Lie’s Theorem II July 27, 2009Posted by Akhil Mathew in algebra, representation theory.
Tags: eigenvalues, Lie algebras, Lie's theorem, linear algebra, representation theory, solvability
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Yesterday I was talking about Lie’s theorem for solvable Lie algebras. I went through most of the proof, but didn’t finish the last step. We had a solvable Lie algebra and an ideal such that was of codimension one.
There was a finite-dimensional representation of . For , we set
We assumed for some by the induction hypothesis. Then the following then completes the proof of Lie’s theorem, by the “fundamental calculation:”
Lemma 1 If , then .
Lie’s Theorem I July 26, 2009Posted by Akhil Mathew in algebra, representation theory.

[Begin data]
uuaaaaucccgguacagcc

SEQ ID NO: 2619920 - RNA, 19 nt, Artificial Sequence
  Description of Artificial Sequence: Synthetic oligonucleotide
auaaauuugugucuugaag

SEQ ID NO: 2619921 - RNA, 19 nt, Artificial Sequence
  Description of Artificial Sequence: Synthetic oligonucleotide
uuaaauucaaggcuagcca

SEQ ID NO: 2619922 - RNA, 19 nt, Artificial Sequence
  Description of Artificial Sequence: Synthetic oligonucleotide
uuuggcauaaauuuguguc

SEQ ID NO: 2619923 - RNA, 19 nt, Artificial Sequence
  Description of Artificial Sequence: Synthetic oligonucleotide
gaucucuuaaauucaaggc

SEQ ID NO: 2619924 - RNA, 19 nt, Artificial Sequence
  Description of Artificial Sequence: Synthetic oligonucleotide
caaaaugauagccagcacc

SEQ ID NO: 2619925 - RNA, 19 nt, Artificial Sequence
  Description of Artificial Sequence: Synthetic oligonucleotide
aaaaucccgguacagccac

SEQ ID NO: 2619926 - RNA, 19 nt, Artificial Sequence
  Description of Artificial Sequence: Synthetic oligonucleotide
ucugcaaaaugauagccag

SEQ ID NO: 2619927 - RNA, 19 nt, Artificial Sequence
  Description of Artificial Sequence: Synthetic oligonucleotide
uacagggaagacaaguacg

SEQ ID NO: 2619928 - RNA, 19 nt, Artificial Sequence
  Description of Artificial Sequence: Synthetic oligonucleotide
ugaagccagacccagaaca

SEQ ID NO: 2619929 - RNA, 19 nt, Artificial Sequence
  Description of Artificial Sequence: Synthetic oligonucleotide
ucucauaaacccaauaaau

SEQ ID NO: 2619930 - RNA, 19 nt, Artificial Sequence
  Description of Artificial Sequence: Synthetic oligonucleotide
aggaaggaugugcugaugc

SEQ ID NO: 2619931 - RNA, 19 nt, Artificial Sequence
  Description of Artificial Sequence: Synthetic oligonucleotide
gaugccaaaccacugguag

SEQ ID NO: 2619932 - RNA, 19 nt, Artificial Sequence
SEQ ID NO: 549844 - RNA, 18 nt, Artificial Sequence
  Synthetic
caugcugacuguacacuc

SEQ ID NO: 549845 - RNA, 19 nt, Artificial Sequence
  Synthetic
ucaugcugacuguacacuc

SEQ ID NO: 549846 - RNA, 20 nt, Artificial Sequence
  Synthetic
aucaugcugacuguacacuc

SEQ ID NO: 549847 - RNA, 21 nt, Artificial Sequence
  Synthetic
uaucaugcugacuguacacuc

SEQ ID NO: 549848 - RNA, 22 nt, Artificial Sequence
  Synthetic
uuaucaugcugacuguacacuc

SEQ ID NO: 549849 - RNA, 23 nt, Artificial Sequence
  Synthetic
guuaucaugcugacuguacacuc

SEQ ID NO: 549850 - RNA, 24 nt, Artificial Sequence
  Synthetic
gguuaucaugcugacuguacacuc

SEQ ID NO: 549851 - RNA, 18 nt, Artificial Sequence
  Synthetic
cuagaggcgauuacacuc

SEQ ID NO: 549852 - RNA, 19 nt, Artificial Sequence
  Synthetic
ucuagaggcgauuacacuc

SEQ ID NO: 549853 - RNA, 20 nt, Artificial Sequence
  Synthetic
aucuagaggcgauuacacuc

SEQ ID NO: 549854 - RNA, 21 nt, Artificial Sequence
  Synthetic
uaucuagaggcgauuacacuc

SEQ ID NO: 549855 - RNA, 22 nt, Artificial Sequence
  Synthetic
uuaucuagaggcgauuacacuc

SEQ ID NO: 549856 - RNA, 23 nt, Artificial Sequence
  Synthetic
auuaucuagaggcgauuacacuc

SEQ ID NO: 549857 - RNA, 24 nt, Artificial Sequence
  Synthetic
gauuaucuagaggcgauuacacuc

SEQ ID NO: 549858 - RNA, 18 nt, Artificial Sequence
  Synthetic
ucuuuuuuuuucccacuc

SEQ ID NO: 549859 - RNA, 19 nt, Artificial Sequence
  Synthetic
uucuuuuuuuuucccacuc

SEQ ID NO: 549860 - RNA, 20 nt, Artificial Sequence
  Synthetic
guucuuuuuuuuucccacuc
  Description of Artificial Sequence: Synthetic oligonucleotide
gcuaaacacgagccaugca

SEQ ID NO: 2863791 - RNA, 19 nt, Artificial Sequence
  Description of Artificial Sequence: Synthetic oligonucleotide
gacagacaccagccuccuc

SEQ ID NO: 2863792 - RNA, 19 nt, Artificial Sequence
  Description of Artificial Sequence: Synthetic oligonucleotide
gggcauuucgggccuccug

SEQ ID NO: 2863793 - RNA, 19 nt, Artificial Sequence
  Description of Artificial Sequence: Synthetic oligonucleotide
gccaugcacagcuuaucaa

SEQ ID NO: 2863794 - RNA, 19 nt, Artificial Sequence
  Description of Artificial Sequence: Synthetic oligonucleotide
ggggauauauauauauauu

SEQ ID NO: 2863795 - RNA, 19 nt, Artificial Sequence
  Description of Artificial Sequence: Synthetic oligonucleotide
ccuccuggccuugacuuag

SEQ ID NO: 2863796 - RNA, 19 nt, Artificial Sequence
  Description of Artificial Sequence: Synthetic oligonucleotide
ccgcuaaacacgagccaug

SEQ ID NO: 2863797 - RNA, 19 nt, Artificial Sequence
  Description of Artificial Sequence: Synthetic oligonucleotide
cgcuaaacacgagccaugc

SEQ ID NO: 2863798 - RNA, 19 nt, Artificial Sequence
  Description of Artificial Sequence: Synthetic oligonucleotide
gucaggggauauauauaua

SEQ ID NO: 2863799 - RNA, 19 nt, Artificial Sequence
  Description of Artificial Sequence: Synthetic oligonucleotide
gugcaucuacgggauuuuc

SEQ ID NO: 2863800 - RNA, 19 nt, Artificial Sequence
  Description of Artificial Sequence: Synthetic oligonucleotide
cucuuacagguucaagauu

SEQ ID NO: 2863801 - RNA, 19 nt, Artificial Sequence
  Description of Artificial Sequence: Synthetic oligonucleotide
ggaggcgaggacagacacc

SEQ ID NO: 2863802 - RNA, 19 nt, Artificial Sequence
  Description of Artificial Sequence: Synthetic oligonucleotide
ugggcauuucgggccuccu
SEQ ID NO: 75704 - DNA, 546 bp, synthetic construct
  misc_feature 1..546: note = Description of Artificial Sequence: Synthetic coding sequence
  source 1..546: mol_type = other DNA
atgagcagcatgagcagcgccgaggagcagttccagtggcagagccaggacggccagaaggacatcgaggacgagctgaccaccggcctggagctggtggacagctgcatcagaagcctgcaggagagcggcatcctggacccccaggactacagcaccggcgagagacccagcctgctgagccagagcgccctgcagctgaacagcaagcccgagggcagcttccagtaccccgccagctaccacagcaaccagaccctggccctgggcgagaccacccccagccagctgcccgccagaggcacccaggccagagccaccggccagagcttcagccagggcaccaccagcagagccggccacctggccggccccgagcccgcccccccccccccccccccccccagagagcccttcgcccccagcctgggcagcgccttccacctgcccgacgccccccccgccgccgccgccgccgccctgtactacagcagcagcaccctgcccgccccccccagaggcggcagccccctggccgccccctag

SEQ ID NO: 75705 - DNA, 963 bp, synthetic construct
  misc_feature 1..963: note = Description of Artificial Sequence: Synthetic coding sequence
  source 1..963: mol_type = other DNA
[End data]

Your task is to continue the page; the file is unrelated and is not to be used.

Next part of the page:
Tags: derived series, Lie algebras, Lie's theorem, solvability
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I talked a bit earlier about nilpotent Lie algebras and Engel’s theorem. There is an analog for solvable Lie algebras, and the corresponding Lie’s theorem.
So, first the definitions. Solvability is similar to nilpotence in that one takes repeated commutators, except one uses the derived series instead of the lower central series.
In the future, fix a Lie algebra over an algebraically closed field of characteristic zero.
Definition 1 The derived series of is the descending filtration defined by . The Lie algebra is solvable if for some .
For instance, a nilpotent Lie algebra is solvable, since if is the lower central series, then for each .